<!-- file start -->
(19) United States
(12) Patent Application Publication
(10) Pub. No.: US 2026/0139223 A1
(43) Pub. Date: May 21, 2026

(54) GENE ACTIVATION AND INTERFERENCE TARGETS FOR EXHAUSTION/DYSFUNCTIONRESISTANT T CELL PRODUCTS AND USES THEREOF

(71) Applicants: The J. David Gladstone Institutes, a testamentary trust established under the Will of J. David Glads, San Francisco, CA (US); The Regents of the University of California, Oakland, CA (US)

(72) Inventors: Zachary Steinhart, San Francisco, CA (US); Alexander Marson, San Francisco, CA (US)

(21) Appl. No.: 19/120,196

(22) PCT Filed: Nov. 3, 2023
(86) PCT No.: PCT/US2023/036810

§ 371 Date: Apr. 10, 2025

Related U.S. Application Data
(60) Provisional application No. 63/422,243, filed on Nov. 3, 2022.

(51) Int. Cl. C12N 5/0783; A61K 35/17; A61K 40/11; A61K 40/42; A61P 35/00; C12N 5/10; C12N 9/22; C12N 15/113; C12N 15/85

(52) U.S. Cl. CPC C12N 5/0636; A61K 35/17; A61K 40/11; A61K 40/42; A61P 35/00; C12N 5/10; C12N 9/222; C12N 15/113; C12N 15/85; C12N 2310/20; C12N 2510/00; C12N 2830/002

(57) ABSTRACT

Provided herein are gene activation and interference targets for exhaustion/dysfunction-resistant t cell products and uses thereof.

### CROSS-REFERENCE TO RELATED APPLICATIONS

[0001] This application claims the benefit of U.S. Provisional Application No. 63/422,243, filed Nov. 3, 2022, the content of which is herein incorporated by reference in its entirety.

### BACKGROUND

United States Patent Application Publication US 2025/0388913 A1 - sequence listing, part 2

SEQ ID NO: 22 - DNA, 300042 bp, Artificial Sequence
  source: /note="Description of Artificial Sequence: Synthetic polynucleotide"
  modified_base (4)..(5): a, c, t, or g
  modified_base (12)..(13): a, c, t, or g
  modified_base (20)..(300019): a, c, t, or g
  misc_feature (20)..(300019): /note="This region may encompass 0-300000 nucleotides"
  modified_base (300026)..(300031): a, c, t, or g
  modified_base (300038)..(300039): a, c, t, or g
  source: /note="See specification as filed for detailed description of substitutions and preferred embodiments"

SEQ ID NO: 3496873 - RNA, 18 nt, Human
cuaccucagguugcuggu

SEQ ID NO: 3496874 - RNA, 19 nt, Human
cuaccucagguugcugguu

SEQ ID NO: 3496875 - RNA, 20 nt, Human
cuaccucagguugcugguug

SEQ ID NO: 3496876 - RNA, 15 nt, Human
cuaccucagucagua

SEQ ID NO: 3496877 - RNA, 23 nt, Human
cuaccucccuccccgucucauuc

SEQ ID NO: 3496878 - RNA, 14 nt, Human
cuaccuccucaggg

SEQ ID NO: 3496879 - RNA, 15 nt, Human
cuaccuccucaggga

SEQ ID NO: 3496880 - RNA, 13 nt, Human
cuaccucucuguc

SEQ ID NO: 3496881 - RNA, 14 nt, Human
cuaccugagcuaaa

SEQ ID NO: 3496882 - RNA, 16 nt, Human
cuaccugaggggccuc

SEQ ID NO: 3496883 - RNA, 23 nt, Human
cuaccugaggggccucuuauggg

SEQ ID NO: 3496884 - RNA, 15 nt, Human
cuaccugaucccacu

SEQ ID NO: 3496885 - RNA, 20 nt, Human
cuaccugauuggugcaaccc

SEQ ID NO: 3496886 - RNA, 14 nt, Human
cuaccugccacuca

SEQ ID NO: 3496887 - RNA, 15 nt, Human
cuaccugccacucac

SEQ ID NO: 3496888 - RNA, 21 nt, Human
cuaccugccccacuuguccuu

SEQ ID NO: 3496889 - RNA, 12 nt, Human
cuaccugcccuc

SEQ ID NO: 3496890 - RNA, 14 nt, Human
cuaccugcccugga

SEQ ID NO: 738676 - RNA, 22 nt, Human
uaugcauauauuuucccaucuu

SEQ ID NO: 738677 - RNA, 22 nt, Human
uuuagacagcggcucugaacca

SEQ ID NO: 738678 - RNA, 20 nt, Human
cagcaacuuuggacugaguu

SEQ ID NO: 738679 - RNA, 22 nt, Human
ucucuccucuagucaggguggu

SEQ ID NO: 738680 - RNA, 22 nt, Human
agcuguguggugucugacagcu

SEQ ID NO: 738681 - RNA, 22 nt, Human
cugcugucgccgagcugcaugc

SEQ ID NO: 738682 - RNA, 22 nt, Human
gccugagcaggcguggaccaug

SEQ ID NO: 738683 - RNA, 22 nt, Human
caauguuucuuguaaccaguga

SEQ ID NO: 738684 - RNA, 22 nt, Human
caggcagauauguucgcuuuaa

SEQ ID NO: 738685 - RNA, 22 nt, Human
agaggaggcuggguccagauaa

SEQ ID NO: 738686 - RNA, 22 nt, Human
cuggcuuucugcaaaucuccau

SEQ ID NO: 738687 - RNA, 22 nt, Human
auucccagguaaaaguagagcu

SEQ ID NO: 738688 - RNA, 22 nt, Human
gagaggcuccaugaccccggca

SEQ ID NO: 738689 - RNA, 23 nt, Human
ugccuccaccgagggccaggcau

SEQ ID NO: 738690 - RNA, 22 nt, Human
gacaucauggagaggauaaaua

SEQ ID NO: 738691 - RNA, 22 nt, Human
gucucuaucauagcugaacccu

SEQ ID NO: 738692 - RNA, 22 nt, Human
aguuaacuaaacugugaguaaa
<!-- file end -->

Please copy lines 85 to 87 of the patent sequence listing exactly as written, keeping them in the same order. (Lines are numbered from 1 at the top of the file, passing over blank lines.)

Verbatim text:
SEQ ID NO: 738685 - RNA, 22 nt, Human
agaggaggcuggguccagauaa

SEQ ID NO: 738686 - RNA, 22 nt, Human